Born in America (1952), Winston Smith is a contemporary surrealist montage artist who adopted his name from the protagonist in George Orwell’s novel 1984. Through his works, among other things, he builds upon the rich traditions of Dadaism and early Surrealism with artworks that predominantly relate to topical issues of the past and present, exploring subjects like politics, capitalism, consumerism, religion, individualism, and convenience to name just a few.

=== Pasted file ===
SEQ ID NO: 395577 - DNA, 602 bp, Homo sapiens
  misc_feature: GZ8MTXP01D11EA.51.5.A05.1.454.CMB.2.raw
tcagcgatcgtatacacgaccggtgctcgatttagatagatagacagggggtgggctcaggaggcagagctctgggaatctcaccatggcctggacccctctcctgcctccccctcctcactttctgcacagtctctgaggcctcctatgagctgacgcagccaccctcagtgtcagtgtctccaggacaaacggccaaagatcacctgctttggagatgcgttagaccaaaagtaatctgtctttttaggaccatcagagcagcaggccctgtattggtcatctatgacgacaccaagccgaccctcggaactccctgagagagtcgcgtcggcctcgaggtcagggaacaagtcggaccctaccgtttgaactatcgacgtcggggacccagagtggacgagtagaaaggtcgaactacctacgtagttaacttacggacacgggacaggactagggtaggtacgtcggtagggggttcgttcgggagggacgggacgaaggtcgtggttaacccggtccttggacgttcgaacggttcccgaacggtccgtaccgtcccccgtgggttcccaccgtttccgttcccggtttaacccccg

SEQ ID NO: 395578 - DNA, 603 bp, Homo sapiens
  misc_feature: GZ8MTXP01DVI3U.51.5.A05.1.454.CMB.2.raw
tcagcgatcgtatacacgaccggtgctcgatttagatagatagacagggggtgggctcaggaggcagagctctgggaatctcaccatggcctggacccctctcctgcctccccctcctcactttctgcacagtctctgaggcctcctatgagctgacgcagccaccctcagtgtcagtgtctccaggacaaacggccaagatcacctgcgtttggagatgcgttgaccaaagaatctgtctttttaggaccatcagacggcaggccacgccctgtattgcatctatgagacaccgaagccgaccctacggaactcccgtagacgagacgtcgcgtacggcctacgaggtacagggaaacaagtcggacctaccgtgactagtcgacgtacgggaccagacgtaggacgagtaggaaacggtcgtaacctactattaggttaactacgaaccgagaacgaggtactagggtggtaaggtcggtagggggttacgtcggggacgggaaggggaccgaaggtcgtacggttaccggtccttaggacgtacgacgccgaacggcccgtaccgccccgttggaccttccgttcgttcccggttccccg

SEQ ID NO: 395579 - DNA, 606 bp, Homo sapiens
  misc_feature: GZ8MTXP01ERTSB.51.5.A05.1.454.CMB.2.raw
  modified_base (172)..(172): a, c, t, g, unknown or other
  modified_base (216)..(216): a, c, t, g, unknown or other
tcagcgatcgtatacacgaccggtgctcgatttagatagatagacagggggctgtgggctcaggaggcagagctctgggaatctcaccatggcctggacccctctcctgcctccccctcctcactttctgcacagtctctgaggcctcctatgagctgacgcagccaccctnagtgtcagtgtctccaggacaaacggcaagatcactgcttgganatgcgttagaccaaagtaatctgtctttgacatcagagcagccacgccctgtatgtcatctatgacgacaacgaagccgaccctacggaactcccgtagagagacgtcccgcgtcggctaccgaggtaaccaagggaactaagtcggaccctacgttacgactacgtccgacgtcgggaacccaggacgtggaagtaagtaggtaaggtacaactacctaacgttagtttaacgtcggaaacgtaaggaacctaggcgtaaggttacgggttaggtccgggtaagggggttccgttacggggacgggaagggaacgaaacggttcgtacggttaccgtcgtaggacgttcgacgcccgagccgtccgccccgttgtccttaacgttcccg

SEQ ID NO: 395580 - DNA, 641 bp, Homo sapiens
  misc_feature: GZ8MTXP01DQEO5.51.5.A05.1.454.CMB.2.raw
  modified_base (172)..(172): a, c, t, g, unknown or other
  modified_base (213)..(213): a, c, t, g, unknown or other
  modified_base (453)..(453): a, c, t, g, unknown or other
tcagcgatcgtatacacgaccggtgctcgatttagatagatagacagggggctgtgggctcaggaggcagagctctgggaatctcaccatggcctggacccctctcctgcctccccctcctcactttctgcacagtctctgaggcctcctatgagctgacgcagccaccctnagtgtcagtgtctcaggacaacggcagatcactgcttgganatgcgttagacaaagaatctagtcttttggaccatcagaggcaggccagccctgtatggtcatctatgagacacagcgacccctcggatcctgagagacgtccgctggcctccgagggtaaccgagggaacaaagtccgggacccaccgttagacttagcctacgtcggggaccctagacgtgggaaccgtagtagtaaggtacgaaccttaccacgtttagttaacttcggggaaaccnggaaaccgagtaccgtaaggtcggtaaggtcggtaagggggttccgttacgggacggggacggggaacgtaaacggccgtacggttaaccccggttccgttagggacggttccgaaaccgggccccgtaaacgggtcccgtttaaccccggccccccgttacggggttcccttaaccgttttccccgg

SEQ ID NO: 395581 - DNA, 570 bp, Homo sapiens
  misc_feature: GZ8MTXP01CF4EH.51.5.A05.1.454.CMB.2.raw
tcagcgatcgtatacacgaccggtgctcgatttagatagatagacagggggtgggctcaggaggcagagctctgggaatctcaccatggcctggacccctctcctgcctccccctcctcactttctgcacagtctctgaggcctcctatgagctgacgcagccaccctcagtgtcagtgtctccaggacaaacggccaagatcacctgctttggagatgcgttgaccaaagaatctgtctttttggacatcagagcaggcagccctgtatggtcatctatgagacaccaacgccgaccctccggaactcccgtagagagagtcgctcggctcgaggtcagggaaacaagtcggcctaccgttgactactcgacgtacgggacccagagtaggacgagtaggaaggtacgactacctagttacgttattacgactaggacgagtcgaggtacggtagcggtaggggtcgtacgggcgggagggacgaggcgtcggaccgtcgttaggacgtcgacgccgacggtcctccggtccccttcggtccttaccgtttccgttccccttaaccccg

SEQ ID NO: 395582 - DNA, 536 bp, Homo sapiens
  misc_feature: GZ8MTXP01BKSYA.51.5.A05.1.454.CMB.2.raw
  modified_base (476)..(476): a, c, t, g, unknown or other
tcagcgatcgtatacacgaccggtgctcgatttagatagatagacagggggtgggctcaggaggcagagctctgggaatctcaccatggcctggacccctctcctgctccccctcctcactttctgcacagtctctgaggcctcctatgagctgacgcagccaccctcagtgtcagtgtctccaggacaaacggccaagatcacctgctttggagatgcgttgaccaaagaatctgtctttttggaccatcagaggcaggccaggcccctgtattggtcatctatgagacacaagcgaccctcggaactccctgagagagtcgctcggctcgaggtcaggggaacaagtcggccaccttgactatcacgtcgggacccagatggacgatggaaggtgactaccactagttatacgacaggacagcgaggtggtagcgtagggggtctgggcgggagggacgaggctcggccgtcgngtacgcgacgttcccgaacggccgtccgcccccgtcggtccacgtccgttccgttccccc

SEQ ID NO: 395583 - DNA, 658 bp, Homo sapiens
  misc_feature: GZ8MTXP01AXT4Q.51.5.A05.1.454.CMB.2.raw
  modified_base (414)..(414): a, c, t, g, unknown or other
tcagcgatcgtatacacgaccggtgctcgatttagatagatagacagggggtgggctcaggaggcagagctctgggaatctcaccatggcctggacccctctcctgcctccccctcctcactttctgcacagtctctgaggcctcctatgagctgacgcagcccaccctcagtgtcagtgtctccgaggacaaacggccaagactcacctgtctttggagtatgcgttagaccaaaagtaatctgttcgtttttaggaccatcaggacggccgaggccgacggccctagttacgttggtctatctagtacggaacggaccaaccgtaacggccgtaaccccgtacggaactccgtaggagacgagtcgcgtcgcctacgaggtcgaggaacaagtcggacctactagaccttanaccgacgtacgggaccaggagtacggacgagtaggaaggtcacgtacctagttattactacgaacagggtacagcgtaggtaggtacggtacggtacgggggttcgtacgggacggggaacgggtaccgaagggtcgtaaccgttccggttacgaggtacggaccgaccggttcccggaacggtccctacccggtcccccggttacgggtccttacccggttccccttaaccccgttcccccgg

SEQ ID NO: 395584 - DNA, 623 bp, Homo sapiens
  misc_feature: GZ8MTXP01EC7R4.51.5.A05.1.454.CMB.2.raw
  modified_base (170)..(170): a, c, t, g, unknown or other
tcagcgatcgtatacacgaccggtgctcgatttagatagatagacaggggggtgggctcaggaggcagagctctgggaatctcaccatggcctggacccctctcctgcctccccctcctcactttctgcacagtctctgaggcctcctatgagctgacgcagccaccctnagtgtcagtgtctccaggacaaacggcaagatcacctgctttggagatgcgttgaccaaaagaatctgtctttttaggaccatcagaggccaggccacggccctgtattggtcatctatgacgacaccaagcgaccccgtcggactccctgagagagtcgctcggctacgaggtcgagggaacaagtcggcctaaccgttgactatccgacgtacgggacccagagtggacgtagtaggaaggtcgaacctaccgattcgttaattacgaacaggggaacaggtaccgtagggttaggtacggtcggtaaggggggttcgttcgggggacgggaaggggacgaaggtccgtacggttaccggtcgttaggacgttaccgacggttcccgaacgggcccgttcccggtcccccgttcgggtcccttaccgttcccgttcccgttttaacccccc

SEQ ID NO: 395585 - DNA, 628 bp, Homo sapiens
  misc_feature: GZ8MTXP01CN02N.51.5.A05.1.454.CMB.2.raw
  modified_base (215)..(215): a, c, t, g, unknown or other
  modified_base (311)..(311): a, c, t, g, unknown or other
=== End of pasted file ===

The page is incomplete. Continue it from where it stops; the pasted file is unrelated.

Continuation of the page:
In support of a strong visual identity, which clearly is his unquestionable style, Smith sources much of his material from magazines and other documents published before or during World War II, which results in the bulk of his works featuring the unique, visually stimulating photo-realistic illustrations commonly found within these dated publications. As a sign of his character and purpose, too, Smith's corruption of once innocuous imagery represents his tongue-in-cheek attitude, a clever sense of humour, and a provocative protest against misguided social opinions.
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